That Western cancer research is organized as a business whose fundamental motivation is profit is the subject of numerous excellent books and documentaries, among them Forest Gamble’s Thrive and Ty Bollinger’s The Truth About Cancer.
However in this article I would like to focus more on the notion that the very scientific model that Western medicine is founded on, and its singular focus on material processes, keeps it inescapably shut off from deeper causes of cancer—and thus renders it useless as an endeavour to actually find a cure.
The National Cancer Institute defines cancer this way:
Cancer is the name given to a collection of related diseases. In all types of cancer, some of the body’s cells begin to divide without stopping and spread into surrounding tissues.
As we can see, this definition only defines the symptoms of the disease—one or more cells dividing uncontrollably—and does not attempt to identify the root causes of such aberrant cell division nor an overall ‘character’ that would more properly justify grouping a collection of diseases under the broad moniker ‘cancer’.
Tumors Are Not Cancer
It has been widely observed that our bodies manage ‘cancerous’ cells on a daily basis. Cells that show early signs of abnormal growth trigger mechanisms to repair those cells, suspend their growth, or fully kill them off.
Unlimited cell growth that leads to a tumor (an abnormal mass of tissue) can only happen if an individual cell goes through a host of discrete genetic mutations to render it incapable of containing its own growth. And even if this occurs, a number of larger-scale mechanisms under the purview of the immune system would need to be rendered ineffective in order for a cancerous cell to grow into a tumor large enough to be detected.
Which begs the question: if a healthy organism supplies a vast array of devices to prevent the incidence of cancer, should we not be looking towards the conditions that cause an organism to become unhealthy in our attempt to ultimately arrive at the cause of cancer and its subsequent cure?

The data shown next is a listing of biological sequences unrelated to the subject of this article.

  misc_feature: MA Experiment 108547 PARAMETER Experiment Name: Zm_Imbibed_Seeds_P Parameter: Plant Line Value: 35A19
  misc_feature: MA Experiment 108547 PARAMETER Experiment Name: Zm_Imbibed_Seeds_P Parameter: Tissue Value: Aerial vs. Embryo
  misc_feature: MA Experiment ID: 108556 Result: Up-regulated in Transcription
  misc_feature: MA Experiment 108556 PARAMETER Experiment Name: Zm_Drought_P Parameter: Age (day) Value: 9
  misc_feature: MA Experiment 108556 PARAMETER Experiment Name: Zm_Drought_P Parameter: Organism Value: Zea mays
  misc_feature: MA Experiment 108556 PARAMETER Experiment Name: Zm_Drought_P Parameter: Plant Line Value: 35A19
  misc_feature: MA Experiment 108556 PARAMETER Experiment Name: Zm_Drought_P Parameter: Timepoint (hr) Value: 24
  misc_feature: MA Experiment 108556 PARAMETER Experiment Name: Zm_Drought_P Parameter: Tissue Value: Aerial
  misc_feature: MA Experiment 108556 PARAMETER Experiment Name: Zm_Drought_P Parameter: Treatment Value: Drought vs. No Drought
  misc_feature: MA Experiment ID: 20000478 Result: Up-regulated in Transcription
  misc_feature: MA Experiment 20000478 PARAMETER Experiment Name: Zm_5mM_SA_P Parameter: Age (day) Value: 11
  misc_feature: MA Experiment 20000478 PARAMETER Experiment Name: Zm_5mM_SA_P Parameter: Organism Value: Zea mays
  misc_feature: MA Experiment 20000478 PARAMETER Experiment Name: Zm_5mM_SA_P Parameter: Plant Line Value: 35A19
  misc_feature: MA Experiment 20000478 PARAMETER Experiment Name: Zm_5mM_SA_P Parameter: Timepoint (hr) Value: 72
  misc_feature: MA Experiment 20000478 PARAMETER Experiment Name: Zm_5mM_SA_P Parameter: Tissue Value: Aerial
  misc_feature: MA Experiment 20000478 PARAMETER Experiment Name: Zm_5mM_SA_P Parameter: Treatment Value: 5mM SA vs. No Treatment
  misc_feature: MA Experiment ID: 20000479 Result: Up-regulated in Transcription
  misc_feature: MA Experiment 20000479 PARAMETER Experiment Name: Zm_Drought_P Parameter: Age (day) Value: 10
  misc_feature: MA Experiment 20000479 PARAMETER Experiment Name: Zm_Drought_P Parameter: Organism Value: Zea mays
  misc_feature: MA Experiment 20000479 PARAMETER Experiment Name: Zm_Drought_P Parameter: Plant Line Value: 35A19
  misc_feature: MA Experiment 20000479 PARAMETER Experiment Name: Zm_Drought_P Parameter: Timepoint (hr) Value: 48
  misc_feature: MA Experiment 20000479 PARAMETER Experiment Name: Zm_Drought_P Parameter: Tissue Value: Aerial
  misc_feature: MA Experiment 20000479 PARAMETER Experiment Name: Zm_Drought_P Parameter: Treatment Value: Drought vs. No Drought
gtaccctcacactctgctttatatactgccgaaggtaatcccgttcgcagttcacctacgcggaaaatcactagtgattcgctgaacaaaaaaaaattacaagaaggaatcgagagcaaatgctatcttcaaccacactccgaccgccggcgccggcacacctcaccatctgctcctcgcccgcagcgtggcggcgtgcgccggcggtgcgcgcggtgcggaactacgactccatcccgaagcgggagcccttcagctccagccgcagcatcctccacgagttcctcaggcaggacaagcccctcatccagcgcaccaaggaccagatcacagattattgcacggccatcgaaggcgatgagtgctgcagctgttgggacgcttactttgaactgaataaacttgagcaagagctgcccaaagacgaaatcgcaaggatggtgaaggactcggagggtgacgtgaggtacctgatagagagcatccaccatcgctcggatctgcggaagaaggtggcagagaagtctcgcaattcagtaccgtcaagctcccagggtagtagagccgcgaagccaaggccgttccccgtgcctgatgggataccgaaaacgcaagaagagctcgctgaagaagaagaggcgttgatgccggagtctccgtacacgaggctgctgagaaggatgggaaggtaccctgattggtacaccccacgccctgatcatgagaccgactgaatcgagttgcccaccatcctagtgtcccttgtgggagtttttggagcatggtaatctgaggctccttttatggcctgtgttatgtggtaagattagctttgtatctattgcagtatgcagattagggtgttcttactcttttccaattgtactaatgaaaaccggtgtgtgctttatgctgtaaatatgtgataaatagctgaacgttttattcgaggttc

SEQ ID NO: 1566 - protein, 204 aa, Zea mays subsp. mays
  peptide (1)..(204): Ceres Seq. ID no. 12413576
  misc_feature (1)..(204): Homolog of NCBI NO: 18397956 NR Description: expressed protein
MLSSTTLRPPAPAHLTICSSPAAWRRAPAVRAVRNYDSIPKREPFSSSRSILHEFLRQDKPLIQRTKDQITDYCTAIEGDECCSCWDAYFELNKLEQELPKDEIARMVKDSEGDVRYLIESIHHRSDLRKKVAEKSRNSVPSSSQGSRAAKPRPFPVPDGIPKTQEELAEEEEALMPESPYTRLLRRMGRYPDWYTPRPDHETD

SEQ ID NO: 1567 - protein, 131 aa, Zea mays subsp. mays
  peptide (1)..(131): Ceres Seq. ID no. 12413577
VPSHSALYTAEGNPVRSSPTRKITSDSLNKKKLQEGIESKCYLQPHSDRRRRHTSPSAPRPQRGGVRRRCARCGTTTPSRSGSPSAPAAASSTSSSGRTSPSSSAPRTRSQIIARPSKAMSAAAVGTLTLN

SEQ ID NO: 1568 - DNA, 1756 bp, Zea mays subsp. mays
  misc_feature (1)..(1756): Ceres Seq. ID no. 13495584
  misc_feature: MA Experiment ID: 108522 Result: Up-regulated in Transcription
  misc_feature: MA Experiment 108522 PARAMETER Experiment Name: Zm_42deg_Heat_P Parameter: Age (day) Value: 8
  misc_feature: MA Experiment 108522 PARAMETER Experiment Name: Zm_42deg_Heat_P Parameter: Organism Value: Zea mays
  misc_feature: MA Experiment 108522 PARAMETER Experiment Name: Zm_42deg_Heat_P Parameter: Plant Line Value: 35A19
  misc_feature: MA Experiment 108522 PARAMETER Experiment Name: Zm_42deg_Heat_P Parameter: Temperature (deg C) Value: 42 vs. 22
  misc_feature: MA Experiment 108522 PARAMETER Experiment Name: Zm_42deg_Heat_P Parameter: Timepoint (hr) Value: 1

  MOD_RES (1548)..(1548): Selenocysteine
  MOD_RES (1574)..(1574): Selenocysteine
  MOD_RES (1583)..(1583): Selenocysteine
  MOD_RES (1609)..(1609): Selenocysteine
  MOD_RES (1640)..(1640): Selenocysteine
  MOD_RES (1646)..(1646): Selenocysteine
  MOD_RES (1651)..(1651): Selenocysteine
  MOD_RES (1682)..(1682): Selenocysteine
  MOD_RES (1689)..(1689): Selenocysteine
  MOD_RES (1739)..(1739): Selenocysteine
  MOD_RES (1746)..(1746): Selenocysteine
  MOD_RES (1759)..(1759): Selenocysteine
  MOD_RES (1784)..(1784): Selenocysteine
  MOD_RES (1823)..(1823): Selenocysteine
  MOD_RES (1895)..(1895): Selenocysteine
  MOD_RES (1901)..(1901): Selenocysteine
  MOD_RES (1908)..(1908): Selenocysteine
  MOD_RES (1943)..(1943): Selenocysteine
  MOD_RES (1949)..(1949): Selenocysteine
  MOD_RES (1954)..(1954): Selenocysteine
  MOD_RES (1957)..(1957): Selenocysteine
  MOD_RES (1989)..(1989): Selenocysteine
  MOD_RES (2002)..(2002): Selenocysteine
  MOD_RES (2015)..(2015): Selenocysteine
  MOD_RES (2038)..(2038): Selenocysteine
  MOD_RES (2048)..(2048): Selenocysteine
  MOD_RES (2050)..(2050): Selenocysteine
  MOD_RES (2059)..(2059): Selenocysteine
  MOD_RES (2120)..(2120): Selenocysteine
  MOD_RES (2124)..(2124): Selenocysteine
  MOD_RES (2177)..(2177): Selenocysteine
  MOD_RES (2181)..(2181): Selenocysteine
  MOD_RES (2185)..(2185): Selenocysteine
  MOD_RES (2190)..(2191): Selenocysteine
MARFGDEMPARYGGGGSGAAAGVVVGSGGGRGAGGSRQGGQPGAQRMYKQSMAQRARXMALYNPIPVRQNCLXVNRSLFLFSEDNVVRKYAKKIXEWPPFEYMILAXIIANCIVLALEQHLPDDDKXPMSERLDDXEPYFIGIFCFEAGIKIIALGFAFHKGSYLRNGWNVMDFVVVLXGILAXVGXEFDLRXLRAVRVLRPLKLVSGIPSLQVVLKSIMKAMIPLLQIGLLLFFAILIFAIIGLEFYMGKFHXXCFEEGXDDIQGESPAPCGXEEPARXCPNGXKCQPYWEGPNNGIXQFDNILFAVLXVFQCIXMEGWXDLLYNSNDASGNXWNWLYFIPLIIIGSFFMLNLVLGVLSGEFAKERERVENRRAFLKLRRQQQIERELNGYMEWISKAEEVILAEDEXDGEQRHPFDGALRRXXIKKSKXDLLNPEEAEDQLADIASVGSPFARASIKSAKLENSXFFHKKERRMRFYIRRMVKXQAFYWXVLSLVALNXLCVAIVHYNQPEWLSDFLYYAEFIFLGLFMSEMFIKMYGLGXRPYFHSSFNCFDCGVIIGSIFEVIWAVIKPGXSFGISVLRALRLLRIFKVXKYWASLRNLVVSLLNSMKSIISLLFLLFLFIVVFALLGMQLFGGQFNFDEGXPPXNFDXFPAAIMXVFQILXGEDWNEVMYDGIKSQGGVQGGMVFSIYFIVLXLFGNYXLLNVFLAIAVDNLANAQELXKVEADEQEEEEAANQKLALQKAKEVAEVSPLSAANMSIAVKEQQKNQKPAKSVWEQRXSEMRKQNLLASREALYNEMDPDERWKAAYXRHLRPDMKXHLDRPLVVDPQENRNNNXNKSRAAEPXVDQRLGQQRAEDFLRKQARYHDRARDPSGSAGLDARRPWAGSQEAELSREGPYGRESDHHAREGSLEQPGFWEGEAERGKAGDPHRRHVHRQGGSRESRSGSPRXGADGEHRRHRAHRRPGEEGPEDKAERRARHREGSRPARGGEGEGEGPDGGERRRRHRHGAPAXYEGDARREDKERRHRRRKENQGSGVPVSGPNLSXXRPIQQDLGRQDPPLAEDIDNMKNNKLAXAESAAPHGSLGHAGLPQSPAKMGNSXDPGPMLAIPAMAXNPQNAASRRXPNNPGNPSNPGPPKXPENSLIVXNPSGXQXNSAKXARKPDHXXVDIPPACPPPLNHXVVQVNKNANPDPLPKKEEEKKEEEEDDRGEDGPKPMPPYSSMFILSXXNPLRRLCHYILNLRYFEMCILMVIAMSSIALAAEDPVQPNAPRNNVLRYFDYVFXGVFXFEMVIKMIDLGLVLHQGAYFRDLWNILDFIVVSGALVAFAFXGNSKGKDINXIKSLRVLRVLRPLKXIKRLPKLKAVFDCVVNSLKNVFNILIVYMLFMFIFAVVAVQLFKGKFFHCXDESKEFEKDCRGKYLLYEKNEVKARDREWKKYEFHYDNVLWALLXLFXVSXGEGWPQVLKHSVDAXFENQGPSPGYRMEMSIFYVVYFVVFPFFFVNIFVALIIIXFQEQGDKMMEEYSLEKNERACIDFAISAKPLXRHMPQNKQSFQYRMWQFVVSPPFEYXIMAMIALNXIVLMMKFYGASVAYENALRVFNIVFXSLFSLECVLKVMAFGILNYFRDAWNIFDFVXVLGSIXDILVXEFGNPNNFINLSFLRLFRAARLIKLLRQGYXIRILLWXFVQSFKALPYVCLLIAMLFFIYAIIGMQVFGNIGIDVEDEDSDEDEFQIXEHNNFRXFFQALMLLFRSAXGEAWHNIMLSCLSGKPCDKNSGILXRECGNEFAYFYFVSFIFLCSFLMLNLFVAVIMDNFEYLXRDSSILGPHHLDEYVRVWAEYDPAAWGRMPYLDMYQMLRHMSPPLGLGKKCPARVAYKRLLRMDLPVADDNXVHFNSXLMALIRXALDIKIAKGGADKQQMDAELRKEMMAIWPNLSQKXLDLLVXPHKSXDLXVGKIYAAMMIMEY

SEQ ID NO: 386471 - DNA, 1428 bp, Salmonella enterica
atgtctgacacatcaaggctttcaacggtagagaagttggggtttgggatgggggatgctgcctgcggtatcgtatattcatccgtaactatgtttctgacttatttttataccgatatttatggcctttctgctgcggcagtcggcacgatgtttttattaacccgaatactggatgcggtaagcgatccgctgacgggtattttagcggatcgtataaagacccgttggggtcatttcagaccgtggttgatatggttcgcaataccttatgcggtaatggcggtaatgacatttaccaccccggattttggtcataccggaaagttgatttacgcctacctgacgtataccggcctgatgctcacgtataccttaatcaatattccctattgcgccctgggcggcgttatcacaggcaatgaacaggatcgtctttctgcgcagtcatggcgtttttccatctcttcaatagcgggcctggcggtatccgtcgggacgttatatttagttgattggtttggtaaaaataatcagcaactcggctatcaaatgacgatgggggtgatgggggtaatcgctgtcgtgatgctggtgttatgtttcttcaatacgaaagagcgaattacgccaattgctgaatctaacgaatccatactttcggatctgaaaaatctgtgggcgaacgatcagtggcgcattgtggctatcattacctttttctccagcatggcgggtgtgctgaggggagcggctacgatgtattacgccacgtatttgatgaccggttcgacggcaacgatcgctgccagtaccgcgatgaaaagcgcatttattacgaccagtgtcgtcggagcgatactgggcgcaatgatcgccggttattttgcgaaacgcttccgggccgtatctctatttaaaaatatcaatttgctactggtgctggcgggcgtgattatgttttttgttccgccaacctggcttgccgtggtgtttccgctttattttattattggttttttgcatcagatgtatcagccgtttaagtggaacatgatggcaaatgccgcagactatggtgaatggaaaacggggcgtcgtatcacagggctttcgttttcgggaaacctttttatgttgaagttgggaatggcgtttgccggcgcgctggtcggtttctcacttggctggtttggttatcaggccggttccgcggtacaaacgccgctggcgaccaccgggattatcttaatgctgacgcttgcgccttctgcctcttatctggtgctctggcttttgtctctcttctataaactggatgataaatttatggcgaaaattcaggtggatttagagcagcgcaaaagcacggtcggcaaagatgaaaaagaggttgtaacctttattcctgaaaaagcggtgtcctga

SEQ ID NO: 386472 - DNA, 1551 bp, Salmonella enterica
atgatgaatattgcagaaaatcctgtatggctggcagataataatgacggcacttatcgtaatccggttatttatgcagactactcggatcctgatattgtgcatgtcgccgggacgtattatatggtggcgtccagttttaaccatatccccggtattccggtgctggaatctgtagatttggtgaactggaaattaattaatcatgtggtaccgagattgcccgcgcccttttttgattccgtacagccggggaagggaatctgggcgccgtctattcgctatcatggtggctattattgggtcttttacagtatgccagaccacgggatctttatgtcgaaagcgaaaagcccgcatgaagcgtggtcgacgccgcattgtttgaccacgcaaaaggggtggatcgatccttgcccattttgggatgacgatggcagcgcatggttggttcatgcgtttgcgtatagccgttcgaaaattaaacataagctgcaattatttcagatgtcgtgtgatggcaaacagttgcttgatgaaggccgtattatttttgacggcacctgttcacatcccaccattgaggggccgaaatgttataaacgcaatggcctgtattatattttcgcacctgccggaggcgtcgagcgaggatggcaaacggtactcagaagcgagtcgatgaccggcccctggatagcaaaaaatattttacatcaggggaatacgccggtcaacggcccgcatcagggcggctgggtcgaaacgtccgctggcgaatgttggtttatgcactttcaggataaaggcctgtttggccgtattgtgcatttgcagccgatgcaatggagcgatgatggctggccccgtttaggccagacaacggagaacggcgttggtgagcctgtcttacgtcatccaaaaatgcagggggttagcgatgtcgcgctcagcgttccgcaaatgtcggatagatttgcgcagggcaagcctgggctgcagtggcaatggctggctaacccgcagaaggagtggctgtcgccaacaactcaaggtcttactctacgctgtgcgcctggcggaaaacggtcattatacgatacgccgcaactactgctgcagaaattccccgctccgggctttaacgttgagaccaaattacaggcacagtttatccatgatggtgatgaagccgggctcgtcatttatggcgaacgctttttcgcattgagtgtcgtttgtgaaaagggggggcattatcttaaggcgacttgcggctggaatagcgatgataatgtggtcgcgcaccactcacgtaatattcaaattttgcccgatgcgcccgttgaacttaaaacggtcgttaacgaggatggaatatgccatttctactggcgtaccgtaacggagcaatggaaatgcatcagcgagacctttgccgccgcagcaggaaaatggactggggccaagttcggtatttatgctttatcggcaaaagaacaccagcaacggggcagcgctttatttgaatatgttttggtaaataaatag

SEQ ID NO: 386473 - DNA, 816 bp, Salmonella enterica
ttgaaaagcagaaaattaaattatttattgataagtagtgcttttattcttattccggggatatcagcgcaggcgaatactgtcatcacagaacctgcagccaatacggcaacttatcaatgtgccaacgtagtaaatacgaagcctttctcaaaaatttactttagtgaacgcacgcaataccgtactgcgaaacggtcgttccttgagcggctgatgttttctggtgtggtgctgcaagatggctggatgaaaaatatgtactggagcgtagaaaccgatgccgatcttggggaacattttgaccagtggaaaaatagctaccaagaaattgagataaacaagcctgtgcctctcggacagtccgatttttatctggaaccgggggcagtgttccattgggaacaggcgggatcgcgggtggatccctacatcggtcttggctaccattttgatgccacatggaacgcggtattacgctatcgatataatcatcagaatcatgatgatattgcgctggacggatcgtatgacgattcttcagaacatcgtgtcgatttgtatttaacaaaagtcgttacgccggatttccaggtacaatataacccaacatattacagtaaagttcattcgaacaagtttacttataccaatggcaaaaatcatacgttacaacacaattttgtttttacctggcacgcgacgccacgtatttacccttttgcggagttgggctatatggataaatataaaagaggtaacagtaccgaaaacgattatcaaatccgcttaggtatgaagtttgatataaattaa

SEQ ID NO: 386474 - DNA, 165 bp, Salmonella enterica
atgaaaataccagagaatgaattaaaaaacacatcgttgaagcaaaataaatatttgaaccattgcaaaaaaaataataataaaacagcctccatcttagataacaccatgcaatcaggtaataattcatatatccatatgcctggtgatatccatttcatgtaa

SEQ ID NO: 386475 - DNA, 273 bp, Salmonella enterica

In earlier times, the Western Medical Establishment maintained that cancer is a disease founded on genetic inheritance and random genetic mutation. This put an individual’s environment, mental/emotional state and lifestyle choices completely out of the cancer treatment conversation. Of course this was by design. Cancer sufferers were forced to put the entire business of curing their cancer in the hands of the professional, their ‘trusted’ oncologist.
In recent years, Western medicine has had to slowly (and grudgingly) admit to the impact of environmental factors. They now give lip service to warning the public about potential ‘carcinogens’.
However they continue to promote cancer treatment as the domain of the professional, rather than the individuals themselves. A person can quit smoking, for example, or avoid foods that have been labeled carcinogens, but if a cancerous tumor is detected, then the individual is still pressured into succumbing to the oncologist’s recommendations for surgical excision and/or the delivery of toxins. The individual still has no ‘role’ in their own treatment.